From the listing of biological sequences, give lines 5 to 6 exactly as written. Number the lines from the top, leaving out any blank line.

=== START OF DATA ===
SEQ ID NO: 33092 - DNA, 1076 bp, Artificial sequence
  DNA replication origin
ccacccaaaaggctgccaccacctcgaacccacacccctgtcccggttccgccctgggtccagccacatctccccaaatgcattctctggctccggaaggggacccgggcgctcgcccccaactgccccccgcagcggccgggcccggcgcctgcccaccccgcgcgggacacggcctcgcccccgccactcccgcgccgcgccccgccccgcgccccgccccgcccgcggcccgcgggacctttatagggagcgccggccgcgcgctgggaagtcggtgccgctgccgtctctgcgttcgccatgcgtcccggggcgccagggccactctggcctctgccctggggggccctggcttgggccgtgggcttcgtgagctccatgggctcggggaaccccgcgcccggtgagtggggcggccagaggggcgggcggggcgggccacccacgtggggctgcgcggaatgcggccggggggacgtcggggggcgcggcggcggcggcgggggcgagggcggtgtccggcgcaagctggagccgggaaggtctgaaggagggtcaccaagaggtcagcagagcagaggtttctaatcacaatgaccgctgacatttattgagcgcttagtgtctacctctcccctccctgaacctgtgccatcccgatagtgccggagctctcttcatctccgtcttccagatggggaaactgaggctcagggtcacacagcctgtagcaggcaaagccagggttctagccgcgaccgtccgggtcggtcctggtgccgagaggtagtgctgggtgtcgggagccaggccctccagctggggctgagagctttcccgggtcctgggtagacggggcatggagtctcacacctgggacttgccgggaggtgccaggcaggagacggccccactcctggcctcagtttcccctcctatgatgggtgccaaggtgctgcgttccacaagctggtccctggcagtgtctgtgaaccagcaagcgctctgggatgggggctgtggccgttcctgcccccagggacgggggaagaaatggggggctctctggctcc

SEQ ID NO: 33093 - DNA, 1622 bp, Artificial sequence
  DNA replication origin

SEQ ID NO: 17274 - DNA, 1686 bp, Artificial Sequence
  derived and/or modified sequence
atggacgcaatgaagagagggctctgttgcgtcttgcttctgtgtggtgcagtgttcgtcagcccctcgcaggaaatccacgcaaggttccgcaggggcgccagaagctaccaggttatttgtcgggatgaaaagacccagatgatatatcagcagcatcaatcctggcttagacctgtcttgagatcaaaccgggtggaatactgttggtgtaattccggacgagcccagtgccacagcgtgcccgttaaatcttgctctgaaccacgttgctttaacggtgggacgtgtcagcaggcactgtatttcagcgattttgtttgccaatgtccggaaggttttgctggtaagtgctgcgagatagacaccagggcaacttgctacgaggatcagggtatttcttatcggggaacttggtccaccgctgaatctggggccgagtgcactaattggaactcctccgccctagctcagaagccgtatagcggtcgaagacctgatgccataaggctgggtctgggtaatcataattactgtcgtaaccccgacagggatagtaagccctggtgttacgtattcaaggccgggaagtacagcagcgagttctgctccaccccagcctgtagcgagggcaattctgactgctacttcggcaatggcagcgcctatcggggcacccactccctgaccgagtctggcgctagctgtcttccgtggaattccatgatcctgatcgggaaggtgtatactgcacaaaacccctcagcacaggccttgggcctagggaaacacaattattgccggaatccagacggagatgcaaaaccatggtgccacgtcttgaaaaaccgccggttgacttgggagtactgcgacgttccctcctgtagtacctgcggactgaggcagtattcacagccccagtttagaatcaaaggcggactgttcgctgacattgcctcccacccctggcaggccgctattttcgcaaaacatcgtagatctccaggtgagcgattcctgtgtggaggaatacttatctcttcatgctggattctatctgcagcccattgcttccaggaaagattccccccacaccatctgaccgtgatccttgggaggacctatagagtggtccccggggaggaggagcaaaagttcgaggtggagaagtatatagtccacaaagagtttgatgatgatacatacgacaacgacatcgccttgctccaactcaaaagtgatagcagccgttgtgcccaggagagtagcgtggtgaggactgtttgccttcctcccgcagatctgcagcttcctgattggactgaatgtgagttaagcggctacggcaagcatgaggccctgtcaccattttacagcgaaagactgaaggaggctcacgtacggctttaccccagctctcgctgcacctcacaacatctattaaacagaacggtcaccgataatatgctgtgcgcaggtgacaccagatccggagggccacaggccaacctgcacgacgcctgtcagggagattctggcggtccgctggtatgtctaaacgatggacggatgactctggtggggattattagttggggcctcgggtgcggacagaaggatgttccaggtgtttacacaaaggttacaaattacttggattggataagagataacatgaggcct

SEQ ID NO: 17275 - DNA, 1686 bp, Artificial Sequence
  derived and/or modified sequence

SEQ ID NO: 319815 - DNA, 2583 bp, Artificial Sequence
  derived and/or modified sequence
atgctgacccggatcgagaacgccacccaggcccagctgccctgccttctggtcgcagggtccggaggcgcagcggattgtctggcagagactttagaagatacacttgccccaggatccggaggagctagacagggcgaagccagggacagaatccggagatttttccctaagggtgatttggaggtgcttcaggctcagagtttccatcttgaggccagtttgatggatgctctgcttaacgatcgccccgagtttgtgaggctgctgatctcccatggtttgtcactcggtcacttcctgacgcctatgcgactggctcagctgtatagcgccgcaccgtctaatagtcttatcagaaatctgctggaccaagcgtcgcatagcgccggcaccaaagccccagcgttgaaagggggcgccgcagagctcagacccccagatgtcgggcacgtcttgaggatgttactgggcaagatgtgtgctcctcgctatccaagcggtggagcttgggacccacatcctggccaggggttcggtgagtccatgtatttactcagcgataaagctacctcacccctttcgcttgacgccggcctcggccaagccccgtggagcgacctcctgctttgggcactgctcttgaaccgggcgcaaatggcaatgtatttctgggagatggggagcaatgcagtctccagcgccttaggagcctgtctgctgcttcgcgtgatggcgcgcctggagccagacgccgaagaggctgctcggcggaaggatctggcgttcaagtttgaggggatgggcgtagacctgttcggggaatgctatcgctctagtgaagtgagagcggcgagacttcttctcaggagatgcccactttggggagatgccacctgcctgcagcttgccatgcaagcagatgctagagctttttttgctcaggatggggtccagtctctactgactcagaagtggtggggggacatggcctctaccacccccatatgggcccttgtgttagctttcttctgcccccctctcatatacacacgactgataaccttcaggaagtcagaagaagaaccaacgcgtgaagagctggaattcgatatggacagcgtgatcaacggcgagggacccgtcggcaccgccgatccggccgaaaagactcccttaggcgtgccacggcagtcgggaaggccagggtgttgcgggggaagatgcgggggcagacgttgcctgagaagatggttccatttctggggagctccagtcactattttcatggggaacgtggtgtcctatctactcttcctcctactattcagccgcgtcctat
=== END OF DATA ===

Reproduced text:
  DNA replication origin

SEQ ID NO: 17274 - DNA, 1686 bp, Artificial Sequence